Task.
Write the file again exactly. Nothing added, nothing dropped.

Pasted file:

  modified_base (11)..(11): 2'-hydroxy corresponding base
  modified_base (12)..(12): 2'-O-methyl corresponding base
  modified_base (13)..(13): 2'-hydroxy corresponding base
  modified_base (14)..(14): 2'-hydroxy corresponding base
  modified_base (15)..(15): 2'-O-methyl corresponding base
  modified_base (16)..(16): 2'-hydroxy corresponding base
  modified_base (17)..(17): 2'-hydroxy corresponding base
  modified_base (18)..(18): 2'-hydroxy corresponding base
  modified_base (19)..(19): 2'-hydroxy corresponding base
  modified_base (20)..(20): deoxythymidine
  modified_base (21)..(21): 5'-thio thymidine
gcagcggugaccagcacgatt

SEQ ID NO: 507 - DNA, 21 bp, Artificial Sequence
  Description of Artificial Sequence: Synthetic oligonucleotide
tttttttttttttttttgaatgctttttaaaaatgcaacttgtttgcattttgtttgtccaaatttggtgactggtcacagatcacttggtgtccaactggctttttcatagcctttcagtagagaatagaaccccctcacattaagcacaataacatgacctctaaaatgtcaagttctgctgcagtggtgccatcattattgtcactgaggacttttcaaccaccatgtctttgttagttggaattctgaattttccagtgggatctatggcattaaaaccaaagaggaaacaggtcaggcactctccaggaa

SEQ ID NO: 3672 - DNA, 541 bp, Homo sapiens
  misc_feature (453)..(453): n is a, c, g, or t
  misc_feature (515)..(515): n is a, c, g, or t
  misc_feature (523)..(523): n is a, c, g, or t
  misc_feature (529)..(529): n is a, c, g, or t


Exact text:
  modified_base (11)..(11): 2'-hydroxy corresponding base
  modified_base (12)..(12): 2'-O-methyl corresponding base
  modified_base (13)..(13): 2'-hydroxy corresponding base
  modified_base (14)..(14): 2'-hydroxy corresponding base
  modified_base (15)..(15): 2'-O-methyl corresponding base
  modified_base (16)..(16): 2'-hydroxy corresponding base
  modified_base (17)..(17): 2'-hydroxy corresponding base
  modified_base (18)..(18): 2'-hydroxy corresponding base
  modified_base (19)..(19): 2'-hydroxy corresponding base
  modified_base (20)..(20): deoxythymidine
  modified_base (21)..(21): 5'-thio thymidine
gcagcggugaccagcacgatt

SEQ ID NO: 507 - DNA, 21 bp, Artificial Sequence
  Description of Artificial Sequence: Synthetic oligonucleotide
tttttttttttttttttgaatgctttttaaaaatgcaacttgtttgcattttgtttgtccaaatttggtgactggtcacagatcacttggtgtccaactggctttttcatagcctttcagtagagaatagaaccccctcacattaagcacaataacatgacctctaaaatgtcaagttctgctgcagtggtgccatcattattgtcactgaggacttttcaaccaccatgtctttgttagttggaattctgaattttccagtgggatctatggcattaaaaccaaagaggaaacaggtcaggcactctccaggaa

SEQ ID NO: 3672 - DNA, 541 bp, Homo sapiens
  misc_feature (453)..(453): n is a, c, g, or t
  misc_feature (515)..(515): n is a, c, g, or t
  misc_feature (523)..(523): n is a, c, g, or t
  misc_feature (529)..(529): n is a, c, g, or t